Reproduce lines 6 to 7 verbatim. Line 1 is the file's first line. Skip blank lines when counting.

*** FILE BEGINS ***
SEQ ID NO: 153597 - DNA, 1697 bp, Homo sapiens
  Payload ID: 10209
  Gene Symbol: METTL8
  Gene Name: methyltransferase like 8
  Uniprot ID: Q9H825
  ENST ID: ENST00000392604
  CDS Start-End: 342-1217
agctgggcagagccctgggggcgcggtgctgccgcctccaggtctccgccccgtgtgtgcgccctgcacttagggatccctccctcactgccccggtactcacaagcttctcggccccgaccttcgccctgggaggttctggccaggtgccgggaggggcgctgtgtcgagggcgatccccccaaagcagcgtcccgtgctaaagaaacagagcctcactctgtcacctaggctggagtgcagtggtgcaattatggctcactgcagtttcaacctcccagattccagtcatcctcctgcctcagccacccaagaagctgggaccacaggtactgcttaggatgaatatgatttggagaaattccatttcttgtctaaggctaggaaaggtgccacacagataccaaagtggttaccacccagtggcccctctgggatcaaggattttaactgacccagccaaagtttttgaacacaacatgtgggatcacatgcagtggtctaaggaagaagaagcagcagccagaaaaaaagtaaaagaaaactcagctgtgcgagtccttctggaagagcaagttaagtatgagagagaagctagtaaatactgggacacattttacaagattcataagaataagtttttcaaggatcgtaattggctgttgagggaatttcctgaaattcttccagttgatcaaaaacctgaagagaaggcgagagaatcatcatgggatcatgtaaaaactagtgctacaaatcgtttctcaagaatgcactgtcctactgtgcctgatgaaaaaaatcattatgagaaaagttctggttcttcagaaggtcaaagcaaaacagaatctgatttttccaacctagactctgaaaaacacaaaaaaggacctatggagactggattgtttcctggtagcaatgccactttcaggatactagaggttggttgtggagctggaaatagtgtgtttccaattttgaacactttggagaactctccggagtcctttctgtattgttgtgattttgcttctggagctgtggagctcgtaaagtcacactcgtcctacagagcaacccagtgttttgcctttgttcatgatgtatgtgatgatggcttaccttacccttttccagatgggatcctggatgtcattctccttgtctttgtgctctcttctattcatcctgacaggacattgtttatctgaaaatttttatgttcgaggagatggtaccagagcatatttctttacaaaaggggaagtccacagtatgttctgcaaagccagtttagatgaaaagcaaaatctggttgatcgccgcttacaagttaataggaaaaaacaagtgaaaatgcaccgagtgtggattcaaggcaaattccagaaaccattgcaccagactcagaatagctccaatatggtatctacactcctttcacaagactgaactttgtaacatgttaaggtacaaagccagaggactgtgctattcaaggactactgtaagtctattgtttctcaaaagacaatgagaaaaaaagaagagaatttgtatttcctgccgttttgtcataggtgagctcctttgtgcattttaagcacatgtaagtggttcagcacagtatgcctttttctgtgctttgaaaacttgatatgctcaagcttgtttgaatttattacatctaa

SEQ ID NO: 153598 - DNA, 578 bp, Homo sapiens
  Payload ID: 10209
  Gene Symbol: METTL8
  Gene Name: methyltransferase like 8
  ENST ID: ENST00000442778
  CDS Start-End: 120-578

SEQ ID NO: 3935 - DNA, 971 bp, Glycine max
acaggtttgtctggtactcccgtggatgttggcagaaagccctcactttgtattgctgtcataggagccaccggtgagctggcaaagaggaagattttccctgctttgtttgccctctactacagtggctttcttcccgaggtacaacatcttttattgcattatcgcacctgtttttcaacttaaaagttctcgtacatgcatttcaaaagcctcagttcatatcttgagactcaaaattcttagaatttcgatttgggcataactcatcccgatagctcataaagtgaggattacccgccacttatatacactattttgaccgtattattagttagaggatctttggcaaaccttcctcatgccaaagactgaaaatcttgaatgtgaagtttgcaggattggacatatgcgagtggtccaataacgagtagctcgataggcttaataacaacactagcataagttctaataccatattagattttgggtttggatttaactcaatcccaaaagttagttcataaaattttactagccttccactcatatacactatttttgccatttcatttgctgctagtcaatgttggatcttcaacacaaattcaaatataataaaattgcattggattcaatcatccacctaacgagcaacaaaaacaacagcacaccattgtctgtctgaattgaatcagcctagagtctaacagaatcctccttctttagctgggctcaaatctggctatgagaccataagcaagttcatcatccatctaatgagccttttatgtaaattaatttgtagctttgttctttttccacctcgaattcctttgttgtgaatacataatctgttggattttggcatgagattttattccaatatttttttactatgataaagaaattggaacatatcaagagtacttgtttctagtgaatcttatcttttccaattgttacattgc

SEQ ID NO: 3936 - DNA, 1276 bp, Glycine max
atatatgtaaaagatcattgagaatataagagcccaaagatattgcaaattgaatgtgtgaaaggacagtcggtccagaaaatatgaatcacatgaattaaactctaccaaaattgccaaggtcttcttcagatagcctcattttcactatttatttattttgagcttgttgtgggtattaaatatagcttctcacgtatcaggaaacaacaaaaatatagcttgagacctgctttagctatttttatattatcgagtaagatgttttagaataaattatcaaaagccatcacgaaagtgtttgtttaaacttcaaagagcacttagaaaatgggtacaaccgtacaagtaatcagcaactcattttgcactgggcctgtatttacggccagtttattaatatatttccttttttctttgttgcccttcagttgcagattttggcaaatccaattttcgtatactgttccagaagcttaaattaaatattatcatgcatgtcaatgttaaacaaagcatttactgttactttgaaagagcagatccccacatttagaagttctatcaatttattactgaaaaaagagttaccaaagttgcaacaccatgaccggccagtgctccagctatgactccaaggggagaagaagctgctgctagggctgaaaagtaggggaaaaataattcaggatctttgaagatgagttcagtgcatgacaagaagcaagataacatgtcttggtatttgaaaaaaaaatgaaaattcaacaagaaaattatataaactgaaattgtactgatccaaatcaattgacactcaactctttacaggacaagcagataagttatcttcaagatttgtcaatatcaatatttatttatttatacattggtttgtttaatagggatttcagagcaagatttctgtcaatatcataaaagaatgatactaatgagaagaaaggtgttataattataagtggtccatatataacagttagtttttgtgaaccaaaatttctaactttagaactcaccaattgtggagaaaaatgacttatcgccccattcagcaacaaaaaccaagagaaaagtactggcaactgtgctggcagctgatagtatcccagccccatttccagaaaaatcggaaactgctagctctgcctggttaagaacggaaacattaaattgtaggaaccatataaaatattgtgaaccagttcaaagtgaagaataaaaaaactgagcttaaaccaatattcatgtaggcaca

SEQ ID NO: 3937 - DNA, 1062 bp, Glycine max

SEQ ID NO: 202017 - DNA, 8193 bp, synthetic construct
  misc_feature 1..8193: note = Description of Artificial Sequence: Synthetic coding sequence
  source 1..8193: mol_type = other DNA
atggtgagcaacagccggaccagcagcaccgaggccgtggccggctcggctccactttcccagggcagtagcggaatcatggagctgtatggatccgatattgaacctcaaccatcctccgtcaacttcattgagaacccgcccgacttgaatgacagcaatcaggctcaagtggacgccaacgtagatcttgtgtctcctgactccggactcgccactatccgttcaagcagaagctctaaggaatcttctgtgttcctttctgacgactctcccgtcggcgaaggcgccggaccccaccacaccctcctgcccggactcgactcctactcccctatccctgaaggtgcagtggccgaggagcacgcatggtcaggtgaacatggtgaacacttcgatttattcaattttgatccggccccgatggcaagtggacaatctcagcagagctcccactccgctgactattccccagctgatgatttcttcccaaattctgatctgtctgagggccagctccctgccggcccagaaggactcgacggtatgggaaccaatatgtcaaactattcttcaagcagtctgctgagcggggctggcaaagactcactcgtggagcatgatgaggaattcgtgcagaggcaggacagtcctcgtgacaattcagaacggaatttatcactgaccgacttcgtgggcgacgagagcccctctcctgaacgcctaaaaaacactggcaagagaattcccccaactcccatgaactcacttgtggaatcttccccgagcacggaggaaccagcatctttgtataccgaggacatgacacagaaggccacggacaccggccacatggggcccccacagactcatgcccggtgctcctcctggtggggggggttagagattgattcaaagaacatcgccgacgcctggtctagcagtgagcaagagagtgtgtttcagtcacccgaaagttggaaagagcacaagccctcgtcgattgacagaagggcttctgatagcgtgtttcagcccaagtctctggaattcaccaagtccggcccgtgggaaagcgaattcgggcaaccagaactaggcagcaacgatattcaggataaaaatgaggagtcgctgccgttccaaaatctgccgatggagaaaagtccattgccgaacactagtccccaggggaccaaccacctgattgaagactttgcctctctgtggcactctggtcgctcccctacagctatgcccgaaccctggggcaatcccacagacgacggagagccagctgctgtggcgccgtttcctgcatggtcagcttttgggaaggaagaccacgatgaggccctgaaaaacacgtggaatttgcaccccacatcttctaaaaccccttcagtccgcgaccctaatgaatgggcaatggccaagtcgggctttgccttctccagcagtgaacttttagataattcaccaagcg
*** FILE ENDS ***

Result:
  ENST ID: ENST00000392604
  CDS Start-End: 342-1217